Citizens in the US should be able to opt-out within two years, according to the current timetable. Kringle Labs lobbyists on Capitol Hill assure Santa that support for assisted suicide on medical grounds here in the US continues to grow. Once it becomes available to the terminally ill, Santa believes it will be very easy to extend the benefit to the “terminally hopeless,” a phrase he says is a Claus Industries insider term referring to those who do not celebrate Christmas. He hopes to have a variety of convenient opt-out choices for US citizens available in time for Christmas 2015 or, with luck, in time for the 2015 Cold and Flu season.
We wondered what percentage of people Santa believes possess the technical skill to distinguish browser cookies from actual cookies. “There are a few people who understand the basics,” he told us. “But when they started using things like Adblock Plus, Ghostery and NoScript we were forced to design new technologies. Users are starting to catch on to those as well.”
“By the way,” Santa continued with a twinkle in his eye, “some people out there really need to know that ‘Flash Cookies’ are not what you think they are. Put your clothes back on please or you’re going on the naughty list. Except for Channing Tatum. If you read this Channing, Mrs. Claus would love it if you left an autographed copy of Magic Mike under the tree, and I’d consider it a personal favor. That’s the best way I know of to make sure there’s a present waiting for me when I get home from a long night of delivering gifts.”
In person, Santa lives up to his genial and jovial image unless you broach the topic of Edward Snowden. Santa has personally appealed to President Obama requesting immunity for Edward Snowden. “Of course he’s one of ours. C’mon. SNOWden? Hello. Duh! Considering that the NSA is a wholly-owned subsidiary of Claus Industries and not an actual US government agency, it should be obvious that his ‘leak’ is just an elaborate prank that got out of hand and not treason. Of course Google and Microsoft cooperated with me! Of course I can decrypt all Internet communications at the backbone! This shouldn’t be news. I’m Santa, dammit! You can’t have your gifts and encryption too. Think about it.”
He sees you when you’re sleeping.
He knows when you’re awake.
He knows if you’ve been good or bad,
so be good for goodness sake.
Regular readers will remember that the ‘going dark problem‘ is the US industrial crypto-complex term describing the increasing proportion of Internet traffic that cannot be monitored due to encryption. “Those idiots in the FBI appropriated our term for their own program. Let me clear this up once and for all,” Santa explained with a sigh. “No surveillance means sucky Christmas gifts. Sucky Christmas gifts means waning enthusiasm for the holiday. Waning enthusiasm means people stop putting up Christmas lights. No lights, no Christmas. ‘Going dark’ literally means going dark! It’s as simple at that. Any other usage of the term is an FBI semantics invented to manipulate public perception and help them get funding approval from rich, old, white, guys who don’t have a clue about how technology works and still think you reboot your laptop by turning it upside-down and shaking it. Christmas is synonymous with surveillance and elaborate lighting.”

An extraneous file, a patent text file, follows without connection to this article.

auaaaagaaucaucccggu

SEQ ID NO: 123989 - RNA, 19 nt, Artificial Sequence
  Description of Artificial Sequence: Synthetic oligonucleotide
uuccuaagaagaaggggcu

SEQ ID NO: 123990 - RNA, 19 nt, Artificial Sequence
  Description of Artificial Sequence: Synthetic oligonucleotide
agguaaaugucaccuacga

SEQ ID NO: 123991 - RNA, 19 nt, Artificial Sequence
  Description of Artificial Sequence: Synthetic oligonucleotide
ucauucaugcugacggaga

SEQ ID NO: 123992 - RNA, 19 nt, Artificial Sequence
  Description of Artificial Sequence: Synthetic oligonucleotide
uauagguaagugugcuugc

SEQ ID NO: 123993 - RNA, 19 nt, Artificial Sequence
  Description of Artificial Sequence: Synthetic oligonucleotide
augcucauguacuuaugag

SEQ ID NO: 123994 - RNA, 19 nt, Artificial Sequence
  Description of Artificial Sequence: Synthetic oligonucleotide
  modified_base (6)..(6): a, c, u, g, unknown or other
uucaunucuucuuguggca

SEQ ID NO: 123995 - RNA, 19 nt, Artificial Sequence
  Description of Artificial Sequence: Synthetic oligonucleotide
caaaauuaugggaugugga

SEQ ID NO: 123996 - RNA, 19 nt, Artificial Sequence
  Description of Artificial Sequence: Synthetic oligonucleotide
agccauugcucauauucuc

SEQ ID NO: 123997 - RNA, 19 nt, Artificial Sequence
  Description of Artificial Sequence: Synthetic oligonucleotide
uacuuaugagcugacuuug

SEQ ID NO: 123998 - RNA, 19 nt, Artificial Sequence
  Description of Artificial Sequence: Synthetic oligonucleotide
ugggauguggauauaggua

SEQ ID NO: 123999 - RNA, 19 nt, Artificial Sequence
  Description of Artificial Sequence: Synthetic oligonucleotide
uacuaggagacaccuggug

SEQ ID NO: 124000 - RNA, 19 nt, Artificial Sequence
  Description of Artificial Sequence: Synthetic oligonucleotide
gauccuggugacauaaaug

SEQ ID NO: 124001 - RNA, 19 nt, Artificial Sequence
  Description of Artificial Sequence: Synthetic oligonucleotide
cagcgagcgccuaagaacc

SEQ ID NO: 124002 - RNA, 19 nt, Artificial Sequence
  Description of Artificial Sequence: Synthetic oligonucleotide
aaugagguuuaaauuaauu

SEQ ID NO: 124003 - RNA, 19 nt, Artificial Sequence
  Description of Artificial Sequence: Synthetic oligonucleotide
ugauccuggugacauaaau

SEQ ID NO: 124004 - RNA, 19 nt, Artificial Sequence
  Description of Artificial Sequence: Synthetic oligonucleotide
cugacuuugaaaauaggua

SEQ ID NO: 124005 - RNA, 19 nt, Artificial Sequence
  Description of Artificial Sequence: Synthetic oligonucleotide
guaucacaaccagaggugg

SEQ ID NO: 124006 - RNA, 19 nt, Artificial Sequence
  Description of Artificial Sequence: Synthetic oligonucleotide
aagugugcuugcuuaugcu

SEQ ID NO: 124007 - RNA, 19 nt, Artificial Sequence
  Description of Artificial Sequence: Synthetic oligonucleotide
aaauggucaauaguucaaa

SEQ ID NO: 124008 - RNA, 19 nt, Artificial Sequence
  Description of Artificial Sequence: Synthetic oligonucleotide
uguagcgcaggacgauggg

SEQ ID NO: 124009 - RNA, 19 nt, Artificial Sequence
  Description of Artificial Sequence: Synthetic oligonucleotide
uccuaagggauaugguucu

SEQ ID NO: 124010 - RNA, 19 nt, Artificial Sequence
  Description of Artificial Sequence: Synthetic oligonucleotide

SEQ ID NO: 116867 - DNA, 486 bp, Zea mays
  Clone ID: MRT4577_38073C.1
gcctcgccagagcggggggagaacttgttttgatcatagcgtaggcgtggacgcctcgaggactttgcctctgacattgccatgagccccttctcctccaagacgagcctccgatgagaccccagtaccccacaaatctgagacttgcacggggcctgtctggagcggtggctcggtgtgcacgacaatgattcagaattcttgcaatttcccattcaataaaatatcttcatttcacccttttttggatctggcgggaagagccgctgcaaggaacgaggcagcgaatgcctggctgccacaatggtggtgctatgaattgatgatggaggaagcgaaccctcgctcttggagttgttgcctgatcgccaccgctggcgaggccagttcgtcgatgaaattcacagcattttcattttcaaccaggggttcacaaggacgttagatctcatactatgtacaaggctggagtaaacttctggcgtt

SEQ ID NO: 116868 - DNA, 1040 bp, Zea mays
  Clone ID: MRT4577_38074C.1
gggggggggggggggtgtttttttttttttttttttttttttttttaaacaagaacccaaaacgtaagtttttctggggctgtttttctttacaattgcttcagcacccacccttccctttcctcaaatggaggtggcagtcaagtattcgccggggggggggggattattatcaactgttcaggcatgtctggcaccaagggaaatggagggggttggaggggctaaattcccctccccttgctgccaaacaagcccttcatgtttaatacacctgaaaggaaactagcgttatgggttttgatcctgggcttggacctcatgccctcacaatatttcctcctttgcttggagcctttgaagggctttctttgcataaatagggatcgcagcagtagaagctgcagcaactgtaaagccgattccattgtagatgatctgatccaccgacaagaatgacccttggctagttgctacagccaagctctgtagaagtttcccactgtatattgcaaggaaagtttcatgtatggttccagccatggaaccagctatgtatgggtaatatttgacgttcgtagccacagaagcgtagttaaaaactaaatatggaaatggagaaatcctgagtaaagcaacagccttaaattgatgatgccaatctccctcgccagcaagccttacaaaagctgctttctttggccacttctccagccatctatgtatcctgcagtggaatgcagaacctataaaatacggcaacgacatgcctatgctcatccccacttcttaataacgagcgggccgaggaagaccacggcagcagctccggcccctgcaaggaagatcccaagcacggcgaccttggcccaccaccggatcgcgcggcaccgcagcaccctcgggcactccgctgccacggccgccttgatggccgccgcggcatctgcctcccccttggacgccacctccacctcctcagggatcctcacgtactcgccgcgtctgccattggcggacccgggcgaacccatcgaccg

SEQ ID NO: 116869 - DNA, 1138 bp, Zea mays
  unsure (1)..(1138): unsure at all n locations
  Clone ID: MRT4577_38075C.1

Regarding the Snowden NSA leak, Santa bears no ill will toward Mr. Snowden. “We tend to go a bit overboard in our celebrations. At Ed’s birthday party I snuck up from behind and pied him in the face. I’m sure he was simply trying to one-up me. He’s a good guy. If he thought for a minute that his prank would have exposed our whole Christmas operation I’m sure he would not have done it. But now that he has, people should just get over it in the spirit of Christmas.”
We asked Santa whether he thought Edward Snowden deserved any punishment. “Of course he does,” Santa told us. “But not by the US government. It’s an internal matter. We’ve assured President Obama that if he sees fit to grant immunity and return Mr. Snowden to us, we will bring him up before a Claus Industries review board, fully represented by our best litigators by the way, before convicting him and imposing the ultimate sentence against him.”
Stunned at this revelation we asked Santa whether we had heard him correctly. Would he really kill Edward Snowden for leaking the NSA documents? “Kill him? I plan to give him a lump of coal for Christmas, you moron. This is the Arctic Circle, not Texas.” At this point, Santa produced a tablet computer of some kind, asked for the correct spelling of my name and took some notes. I pressed him further about privacy.
“Privacy is a myth,” he assured me. “Get over it. A very few of you a had privacy for about a year after I had a nervous breakdown and decided it was all too much,” he explains. “I tried scaling back on the monitoring but that led to prohibition of alcohol in the US, a huge rise in organized crime, murders, and all sorts of bad things. Then I had another brief lapse in the 1970s that opened the door to the war on drugs which has caused incalculable suffering, another massive rise in organized crime, even more murders, and unchecked accumulation of abusive government power. With unchecked privacy comes unchecked danger. Lots and lots of danger. Privacy leads to rape, murder and pedophilia whereas panoptical surveillance leads to happy and safe citizens. Sure I know your most intimate secrets. That’s why you are safe. That’s the spirit of Christmas.”
“Problem is, while our system was briefly down in the ’70s, world population started growing so fast we were unable to keep up. The war on drugs has raged beyond even control for decades. The only way for us to restore order is to use the technology that has recently become available to dig even deeper into your lives with a degree of granularity never before possible. All this monitoring everyone is so afraid of? People think it’s just about Christmas but it’s not. The NSA is my gift to the people of the United States 24x7x365, and 24x7x366 on leap years. Ubiquitous surveillance is the only thing keeping violence in check. And if it catches a terrorist or two now and then, is that such a bad thing?”
As we parted I asked Santa the one thing he most wants our readers to know. “They need to know I’m the Good Guy here,” he replied earnestly. “I’m Santa. If you can’t trust me, who can you trust?”